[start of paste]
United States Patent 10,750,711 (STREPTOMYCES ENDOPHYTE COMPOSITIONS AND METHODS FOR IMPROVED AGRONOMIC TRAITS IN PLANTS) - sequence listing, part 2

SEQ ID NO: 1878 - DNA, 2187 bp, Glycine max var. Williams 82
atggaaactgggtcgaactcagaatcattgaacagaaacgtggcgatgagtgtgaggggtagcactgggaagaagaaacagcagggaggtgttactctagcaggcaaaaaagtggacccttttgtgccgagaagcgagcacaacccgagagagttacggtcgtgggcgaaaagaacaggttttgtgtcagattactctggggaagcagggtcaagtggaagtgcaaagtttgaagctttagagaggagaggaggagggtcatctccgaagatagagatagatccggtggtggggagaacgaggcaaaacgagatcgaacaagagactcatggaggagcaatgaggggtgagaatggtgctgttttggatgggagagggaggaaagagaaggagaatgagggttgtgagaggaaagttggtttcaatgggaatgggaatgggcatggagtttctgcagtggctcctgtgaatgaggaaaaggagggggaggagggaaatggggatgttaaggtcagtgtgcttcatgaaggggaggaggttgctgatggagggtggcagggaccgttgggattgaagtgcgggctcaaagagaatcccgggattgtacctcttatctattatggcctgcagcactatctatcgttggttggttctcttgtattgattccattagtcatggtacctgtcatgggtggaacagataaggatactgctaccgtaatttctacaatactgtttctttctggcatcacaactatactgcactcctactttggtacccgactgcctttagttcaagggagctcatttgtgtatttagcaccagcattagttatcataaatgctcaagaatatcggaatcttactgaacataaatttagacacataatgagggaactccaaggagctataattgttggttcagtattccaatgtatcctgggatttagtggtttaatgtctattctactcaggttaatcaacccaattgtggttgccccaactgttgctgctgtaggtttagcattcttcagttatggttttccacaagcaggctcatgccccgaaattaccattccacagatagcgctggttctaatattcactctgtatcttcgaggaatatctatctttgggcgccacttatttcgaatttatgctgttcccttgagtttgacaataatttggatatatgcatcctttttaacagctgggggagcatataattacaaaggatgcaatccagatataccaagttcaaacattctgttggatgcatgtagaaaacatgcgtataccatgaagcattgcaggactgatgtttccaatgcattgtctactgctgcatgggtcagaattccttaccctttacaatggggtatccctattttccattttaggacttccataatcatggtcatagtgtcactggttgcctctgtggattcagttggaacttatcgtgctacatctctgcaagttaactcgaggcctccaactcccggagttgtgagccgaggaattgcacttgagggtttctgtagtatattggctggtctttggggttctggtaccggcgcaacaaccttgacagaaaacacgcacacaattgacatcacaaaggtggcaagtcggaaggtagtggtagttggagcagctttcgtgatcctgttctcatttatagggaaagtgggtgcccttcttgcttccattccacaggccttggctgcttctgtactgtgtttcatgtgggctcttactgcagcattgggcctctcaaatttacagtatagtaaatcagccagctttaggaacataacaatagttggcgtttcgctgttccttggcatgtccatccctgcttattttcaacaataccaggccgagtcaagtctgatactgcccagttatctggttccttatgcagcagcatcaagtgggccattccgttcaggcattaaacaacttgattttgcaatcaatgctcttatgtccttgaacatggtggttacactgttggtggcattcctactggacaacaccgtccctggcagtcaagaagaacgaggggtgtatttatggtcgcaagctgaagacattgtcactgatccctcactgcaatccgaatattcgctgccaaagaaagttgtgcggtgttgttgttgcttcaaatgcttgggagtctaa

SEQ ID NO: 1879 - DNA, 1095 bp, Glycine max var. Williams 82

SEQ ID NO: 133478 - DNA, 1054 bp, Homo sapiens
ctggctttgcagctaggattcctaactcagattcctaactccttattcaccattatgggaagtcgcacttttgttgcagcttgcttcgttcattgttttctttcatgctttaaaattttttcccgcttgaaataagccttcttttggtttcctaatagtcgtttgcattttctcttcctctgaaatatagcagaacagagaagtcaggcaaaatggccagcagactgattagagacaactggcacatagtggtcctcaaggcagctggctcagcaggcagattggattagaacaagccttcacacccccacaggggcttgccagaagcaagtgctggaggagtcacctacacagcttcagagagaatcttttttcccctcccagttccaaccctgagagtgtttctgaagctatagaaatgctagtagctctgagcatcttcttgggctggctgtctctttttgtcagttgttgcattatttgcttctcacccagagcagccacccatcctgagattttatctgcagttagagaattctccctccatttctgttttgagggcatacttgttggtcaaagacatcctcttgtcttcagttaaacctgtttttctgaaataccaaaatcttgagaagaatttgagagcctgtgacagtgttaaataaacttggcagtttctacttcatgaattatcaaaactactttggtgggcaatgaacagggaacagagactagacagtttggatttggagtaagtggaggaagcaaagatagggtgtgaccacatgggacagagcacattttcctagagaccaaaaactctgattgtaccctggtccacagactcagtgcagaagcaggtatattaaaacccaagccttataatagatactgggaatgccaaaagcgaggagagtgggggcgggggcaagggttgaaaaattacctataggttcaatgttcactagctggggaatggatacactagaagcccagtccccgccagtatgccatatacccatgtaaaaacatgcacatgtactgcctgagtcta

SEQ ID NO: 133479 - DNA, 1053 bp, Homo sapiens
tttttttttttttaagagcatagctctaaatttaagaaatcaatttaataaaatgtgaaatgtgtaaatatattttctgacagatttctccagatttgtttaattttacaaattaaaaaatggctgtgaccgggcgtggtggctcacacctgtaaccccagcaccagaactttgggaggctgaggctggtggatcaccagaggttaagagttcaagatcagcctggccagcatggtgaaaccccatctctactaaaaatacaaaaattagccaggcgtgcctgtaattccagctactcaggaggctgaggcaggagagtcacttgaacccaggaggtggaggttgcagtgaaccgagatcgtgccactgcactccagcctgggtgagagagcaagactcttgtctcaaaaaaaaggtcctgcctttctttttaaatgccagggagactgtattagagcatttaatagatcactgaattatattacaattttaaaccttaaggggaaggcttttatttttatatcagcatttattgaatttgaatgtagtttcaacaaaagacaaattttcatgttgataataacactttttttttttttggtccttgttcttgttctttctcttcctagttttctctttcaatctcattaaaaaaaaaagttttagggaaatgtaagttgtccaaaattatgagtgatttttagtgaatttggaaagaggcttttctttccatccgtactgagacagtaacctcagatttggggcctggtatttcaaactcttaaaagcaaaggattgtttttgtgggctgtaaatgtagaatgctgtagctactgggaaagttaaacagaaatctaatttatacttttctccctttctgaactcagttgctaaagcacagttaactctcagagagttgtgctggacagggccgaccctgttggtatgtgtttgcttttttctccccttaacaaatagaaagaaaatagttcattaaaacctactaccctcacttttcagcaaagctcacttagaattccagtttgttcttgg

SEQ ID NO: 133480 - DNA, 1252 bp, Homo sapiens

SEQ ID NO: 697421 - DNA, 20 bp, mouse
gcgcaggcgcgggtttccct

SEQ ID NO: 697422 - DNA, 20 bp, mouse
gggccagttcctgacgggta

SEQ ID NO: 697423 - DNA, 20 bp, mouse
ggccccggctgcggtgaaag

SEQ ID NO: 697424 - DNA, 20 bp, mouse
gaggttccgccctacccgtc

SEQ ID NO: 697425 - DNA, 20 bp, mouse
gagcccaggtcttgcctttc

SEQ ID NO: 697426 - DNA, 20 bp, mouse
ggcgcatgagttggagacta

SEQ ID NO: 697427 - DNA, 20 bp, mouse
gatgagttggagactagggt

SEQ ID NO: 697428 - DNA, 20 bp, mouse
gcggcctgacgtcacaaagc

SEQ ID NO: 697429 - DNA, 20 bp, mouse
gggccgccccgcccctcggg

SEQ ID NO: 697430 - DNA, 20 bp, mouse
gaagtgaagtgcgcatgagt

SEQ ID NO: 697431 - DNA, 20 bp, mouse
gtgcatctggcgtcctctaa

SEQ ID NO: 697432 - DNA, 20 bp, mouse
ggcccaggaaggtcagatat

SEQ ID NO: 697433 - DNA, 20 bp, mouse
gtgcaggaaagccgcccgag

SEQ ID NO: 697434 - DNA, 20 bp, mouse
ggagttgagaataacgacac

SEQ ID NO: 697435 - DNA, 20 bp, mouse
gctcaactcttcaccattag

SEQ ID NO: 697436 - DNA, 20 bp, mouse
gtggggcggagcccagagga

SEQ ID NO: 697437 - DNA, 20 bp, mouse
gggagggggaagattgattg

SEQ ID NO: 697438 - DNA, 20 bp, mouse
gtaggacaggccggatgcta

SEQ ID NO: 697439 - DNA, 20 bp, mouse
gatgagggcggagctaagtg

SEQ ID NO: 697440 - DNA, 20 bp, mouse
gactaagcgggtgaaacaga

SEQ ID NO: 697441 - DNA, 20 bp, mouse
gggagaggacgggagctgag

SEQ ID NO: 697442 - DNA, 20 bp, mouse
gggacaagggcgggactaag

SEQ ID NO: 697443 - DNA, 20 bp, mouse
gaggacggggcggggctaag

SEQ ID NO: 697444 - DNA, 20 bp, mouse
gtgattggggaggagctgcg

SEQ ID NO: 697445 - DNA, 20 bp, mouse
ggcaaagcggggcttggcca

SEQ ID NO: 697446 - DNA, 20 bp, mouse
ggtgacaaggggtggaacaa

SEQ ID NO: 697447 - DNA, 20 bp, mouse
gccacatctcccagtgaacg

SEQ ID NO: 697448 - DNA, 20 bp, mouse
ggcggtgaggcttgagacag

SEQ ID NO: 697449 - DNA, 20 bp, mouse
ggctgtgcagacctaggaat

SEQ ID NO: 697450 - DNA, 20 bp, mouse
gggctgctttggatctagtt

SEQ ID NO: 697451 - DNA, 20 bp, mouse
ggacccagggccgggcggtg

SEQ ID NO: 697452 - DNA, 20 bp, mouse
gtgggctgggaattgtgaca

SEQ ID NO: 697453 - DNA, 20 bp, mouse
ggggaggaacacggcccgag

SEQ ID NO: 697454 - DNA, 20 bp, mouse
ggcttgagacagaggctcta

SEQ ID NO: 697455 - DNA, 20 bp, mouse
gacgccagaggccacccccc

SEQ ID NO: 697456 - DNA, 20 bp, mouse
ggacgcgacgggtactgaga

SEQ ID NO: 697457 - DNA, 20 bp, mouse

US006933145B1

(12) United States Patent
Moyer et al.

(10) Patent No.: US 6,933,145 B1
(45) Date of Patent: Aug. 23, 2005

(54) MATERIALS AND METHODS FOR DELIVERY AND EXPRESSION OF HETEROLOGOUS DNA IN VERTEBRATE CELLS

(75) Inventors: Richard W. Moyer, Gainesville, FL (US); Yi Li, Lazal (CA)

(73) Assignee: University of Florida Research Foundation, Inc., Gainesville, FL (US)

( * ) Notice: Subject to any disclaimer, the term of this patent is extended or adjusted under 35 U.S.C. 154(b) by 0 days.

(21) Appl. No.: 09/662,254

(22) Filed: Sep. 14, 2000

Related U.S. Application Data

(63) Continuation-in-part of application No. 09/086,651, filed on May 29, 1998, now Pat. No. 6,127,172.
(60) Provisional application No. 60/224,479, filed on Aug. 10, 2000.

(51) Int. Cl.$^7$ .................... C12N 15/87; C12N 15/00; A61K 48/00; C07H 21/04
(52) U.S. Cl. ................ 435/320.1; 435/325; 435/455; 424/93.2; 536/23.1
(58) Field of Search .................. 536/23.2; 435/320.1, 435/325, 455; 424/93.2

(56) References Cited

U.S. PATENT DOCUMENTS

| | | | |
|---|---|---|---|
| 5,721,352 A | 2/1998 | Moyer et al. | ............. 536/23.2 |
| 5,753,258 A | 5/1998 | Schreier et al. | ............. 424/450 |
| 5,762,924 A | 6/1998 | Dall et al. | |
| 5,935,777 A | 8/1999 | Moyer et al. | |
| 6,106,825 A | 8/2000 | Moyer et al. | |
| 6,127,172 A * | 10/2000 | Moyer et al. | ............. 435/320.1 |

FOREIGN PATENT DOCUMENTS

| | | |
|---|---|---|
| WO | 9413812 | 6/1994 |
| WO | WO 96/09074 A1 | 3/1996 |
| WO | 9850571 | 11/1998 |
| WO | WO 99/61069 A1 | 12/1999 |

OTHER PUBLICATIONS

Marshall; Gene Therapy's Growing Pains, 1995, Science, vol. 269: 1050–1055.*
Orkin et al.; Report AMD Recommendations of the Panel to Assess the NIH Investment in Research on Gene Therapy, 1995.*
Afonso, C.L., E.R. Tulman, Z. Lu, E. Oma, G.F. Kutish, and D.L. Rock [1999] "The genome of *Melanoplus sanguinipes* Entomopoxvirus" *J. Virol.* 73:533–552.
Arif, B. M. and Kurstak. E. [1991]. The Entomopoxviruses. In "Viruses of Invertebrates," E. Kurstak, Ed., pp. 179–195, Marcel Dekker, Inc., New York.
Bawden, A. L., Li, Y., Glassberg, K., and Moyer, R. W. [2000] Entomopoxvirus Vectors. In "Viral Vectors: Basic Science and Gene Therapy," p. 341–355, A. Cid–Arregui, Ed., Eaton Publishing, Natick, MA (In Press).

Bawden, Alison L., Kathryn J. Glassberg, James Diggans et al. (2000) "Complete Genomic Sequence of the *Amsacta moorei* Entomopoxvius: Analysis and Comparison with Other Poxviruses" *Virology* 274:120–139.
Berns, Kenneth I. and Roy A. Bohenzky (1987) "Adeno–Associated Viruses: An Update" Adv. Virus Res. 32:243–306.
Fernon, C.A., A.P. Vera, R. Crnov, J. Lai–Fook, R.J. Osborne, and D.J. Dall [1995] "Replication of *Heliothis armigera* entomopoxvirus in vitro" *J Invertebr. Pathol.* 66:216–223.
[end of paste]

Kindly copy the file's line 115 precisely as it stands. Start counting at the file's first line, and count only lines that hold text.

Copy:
| WO | 9850571 | 11/1998 |